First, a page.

continuous links between the two.
Drawing on its European experiences
Steer Davies Gleave has been working
with the City of Mississauga in the Greater
Toronto Area to produce a Downtown
Movement Plan that will add a further
level of analytical rigour to their visionary
master plan, and transform the downtown
into a 21st Century urban centre.
To find out more contact:
Rebecca Powell
e [email protected]
Faced with this challenge, many cities
are recognising the need for both topdown visionary planning and a bottom-up
approach to planning and infrastructure
investment. While strategic policies with
clearly stated visions and objectives
are critical, to be successful they must
be linked with individual strategies that
provide sufficient detail to ‘prove the
concept’. Only when both are aligned will
cities have sufficient tools to deliver ‘old’
best practices within a ‘new’ context.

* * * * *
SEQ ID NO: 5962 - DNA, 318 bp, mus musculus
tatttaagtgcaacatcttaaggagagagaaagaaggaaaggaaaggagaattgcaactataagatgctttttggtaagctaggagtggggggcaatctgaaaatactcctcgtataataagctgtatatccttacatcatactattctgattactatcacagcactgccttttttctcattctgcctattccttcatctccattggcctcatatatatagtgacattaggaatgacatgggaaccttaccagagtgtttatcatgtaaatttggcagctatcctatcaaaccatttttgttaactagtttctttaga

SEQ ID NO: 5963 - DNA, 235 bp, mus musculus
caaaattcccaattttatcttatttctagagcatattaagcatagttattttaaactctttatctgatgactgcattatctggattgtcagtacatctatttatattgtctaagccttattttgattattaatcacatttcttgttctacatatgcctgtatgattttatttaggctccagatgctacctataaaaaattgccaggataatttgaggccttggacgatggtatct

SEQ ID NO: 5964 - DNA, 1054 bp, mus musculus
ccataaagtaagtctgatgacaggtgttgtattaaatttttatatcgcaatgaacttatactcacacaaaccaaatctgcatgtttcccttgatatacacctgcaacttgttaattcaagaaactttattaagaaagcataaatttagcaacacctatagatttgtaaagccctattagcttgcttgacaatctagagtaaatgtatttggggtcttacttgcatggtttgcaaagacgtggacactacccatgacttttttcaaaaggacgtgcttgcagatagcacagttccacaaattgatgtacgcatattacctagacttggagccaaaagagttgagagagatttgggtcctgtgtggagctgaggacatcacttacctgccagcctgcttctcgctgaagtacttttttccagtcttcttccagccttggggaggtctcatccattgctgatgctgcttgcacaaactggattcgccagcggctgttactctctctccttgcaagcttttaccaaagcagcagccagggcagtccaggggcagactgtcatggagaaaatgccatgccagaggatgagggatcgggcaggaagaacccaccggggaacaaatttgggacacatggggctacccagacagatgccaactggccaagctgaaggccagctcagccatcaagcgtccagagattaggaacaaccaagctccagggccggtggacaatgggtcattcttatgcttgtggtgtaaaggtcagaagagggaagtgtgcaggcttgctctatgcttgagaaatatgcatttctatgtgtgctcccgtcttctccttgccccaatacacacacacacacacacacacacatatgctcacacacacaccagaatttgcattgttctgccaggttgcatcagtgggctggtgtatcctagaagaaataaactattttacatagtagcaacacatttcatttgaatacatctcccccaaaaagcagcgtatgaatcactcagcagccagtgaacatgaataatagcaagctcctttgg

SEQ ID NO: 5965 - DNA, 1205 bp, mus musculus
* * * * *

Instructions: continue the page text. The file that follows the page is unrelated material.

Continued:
Innovation in transport
The Mayor of
Bogotá in Colombia
once described
road space as
‘gold dust’! As
cities globally grow
and populations
increase, authorities
fare some real challenges to ensuring
future levels of mobility, in particular
how to improve the efficiency and
use of road space. Here we examine
how some cities are using innovative
methods to ensure that their
inhabitants remain ‘connected’.
By Fred Beltrandi
A personal rapid transit pod, currently being trialled in Masdar City
Car Sector
Around the globe the car sector is changing
for the better. Most of the leading car
manufacturers are currently investing in
showcasing technology which will see
web-enabled cars with the ability to speak
to each other. This technology will allow
them to warn each other about congestion
hot spots that they have encountered, as
they cross each other. These vehicles are
also aware of vehicles around them which
is beneficial from a safety point of view.
Roads themselves are the subject of some